Backdooring cryptographic algorithms is an indisputable taboo in the cryptographic literature for a good reason: however noble the intentions, backdoors might fall in the wrong hands, in which case security is completely compromised. Nonetheless, more and more legislative pressure is being produced to enforce the use of such backdoors. In this work we introduce the concept of disposable cryptographic backdoors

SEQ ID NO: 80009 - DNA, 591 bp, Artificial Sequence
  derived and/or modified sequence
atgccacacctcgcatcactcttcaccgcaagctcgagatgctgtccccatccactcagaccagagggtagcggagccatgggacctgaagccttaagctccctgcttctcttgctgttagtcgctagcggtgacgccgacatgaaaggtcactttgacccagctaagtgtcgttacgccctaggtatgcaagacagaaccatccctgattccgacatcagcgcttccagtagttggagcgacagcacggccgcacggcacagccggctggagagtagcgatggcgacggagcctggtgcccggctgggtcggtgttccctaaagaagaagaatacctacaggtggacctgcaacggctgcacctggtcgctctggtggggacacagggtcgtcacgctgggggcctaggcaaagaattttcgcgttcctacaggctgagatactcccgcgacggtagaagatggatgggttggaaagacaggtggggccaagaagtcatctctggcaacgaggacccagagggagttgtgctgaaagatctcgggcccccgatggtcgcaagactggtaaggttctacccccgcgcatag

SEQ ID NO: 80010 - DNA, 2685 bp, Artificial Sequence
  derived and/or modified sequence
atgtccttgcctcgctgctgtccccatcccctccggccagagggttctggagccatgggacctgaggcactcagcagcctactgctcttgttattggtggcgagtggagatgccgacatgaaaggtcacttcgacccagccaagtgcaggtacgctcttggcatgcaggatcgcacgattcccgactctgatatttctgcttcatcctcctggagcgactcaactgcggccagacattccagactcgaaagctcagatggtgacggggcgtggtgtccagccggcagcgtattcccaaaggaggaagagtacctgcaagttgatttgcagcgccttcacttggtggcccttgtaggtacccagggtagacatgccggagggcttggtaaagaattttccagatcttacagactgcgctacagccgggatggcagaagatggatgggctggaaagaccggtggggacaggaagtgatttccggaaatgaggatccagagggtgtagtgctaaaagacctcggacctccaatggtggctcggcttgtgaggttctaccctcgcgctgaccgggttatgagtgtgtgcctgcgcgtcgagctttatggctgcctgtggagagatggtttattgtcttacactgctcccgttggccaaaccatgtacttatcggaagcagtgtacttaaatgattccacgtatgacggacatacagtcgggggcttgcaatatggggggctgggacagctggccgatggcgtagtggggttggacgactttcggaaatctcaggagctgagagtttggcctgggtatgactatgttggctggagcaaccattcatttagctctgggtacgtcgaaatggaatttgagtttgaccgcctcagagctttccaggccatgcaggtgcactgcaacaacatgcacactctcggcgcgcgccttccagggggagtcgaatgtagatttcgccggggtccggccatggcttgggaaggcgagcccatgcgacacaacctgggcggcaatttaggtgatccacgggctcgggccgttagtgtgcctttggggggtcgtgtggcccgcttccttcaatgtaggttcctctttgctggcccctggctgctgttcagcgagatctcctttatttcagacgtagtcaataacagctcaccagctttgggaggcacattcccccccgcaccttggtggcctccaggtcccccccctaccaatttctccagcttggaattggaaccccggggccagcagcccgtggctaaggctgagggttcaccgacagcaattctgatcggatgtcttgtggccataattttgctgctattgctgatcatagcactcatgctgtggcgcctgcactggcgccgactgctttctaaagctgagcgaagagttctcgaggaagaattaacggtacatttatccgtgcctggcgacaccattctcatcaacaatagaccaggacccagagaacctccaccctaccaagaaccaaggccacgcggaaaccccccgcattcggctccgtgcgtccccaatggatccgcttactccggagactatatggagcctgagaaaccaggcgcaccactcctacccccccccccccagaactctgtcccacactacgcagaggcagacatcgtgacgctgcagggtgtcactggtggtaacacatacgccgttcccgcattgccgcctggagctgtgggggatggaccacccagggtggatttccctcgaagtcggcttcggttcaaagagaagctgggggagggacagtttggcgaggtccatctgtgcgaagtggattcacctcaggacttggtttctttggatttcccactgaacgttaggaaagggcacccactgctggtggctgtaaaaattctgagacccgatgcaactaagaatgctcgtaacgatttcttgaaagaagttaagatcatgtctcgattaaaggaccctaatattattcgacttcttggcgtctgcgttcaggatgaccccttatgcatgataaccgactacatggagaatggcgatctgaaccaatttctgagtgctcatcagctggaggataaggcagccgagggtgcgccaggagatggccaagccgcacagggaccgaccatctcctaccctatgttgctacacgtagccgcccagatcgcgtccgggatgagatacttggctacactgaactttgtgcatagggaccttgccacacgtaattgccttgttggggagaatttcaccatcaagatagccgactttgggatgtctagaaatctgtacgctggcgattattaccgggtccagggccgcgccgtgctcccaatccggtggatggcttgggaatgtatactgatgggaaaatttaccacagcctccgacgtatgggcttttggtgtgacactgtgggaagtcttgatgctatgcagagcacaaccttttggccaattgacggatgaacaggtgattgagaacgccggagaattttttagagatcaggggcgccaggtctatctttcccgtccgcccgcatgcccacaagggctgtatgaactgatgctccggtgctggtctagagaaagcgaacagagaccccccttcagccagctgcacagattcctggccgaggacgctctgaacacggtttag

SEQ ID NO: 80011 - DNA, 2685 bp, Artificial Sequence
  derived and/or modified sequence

which can be used only once and become useless after that. These exotic primitives are impossible in the classical digital world without stateful and secure trusted hardware support, but, as we show, are feasible assuming quantum computation and access to classical stateless hardware tokens. Concretely, we construct a disposable (single-use) version of message authentication codes, and use them to derive a black-box construction of stateful hardware tokens in the above setting with quantum computation and classical stateless hardware tokens. This can be viewed as a generic transformation from stateful to stateless tokens and enables, among other things, one-time programs and memories. This is to our knowledge the first provably secure construction of such primitives from stateless tokens. As an application of disposable cryptographic backdoors we use our constructed primitive above to propose a middle-ground solution to the recent legislative push to backdoor cryptography: the conflict between Apple and FBI. We show that it is possible for Apple to create a one-time backdoor which unlocks any single device, and not even Apple can use it to unlock more than one, i.e., the backdoor becomes useless after it is used. We further describe how to use our ideas to derive a version of CCA-secure public key encryption, which is accompanied with a disposable (i.e., single-use, as in the above scenario) backdoor.
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